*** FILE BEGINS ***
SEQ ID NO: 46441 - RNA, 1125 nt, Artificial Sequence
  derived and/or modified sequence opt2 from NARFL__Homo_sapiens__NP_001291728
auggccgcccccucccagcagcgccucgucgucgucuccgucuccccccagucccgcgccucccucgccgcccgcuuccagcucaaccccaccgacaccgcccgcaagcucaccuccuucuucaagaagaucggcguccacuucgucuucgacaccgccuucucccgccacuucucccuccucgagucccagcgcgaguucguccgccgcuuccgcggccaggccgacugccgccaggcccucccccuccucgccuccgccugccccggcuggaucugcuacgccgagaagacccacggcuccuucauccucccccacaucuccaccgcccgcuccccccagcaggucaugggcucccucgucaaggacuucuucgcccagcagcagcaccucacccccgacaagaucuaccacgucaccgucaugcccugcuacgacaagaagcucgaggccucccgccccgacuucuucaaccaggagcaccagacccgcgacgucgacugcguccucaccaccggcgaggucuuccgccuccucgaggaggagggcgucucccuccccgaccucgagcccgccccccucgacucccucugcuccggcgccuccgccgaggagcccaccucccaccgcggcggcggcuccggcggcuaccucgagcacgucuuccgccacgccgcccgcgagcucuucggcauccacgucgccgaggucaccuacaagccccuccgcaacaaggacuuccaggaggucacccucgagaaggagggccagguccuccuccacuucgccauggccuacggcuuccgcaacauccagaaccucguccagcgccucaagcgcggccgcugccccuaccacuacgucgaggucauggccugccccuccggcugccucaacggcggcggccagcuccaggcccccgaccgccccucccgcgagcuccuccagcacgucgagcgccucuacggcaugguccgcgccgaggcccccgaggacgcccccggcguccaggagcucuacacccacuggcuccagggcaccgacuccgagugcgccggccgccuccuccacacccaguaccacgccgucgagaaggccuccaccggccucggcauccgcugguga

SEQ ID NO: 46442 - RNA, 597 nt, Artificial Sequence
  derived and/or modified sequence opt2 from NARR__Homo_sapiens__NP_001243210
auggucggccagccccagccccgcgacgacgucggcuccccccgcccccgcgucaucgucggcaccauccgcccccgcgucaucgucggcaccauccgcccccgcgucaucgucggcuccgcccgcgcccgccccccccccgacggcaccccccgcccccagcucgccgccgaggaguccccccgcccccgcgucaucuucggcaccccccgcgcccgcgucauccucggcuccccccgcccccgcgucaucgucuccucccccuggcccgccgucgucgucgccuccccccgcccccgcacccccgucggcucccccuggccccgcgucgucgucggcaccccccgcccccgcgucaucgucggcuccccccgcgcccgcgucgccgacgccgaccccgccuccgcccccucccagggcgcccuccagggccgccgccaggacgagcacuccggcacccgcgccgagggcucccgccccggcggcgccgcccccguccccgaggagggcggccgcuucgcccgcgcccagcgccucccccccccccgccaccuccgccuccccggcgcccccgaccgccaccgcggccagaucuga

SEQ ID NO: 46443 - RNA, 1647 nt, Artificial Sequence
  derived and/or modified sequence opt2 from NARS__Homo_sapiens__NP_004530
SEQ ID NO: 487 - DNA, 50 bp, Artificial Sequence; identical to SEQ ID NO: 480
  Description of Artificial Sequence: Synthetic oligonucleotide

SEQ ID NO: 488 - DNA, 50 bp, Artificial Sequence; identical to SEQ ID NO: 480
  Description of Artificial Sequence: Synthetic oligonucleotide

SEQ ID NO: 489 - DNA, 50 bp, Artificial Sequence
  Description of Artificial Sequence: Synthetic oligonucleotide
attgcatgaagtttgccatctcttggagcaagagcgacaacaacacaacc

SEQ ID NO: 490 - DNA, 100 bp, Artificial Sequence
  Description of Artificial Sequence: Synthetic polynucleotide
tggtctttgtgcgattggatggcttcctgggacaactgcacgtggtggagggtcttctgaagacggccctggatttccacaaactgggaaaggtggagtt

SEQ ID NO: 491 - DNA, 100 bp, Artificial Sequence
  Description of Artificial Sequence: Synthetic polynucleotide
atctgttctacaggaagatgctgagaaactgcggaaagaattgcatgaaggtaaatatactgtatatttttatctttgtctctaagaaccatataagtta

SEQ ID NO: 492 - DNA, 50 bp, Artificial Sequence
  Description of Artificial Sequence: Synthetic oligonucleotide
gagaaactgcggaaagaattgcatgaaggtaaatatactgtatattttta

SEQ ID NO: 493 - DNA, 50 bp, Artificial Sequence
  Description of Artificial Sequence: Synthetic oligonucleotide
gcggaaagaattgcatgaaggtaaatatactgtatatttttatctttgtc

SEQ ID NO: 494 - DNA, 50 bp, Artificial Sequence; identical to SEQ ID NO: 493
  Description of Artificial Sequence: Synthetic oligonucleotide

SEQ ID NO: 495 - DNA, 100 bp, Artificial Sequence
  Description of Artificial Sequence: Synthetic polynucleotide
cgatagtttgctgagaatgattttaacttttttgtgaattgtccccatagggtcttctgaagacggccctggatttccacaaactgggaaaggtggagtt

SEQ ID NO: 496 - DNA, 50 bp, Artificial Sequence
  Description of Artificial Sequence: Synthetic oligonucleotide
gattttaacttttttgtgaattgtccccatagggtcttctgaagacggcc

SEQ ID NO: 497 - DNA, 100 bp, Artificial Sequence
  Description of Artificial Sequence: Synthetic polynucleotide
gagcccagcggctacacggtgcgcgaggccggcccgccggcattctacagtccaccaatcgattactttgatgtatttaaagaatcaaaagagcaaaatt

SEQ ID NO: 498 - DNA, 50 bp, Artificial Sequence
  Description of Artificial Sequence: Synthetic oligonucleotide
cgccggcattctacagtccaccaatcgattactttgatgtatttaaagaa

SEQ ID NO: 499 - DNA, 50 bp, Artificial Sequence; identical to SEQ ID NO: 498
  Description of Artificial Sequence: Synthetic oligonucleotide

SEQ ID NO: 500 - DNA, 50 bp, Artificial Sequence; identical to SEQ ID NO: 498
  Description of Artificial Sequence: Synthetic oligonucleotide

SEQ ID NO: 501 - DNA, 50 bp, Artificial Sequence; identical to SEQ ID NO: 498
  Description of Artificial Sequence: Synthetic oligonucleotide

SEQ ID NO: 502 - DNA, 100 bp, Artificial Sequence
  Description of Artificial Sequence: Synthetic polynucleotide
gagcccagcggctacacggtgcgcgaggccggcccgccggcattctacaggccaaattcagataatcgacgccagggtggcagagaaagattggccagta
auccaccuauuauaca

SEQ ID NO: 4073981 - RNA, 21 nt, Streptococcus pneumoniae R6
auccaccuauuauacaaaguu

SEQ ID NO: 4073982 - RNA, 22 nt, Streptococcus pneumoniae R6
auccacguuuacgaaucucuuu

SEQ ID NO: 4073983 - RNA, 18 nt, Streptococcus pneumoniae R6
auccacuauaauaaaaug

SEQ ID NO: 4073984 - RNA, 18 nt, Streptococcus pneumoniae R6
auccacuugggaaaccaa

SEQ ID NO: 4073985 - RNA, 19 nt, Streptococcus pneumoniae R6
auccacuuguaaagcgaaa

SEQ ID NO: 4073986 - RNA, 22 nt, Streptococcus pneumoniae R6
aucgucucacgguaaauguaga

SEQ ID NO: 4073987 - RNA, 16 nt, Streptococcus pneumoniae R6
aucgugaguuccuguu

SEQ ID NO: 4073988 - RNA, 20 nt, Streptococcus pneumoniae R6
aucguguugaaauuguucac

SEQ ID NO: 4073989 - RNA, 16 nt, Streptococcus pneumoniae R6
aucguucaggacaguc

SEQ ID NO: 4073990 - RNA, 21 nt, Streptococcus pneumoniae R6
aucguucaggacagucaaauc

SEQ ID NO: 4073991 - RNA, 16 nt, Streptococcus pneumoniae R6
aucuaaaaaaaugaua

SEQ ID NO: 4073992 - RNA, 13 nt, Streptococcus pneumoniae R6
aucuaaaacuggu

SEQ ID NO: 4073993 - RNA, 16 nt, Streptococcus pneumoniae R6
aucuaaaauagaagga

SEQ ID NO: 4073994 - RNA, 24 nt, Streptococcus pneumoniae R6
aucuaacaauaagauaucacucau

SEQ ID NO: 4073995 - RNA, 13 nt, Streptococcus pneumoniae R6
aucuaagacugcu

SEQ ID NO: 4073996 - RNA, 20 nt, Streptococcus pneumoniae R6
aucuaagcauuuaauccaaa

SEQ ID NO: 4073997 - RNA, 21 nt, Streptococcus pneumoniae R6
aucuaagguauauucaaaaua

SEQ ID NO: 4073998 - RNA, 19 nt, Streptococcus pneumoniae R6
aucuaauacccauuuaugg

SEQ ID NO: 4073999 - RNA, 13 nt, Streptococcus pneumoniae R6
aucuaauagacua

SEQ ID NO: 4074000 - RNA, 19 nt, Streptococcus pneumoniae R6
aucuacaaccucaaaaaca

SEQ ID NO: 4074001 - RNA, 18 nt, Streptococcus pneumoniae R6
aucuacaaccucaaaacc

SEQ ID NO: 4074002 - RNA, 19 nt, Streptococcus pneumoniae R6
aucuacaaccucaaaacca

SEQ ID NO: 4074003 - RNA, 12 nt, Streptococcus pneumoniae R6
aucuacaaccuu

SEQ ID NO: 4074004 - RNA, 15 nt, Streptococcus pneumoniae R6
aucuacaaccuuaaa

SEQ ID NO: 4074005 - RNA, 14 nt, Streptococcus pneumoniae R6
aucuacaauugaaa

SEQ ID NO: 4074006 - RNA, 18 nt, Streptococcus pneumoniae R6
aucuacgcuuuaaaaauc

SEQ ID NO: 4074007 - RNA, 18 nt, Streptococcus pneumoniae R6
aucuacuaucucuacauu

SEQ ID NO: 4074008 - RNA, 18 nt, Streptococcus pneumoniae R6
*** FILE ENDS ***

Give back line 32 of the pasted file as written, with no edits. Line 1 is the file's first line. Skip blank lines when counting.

cgatagtttgctgagaatgattttaacttttttgtgaattgtccccatagggtcttctgaagacggccctggatttccacaaactgggaaaggtggagtt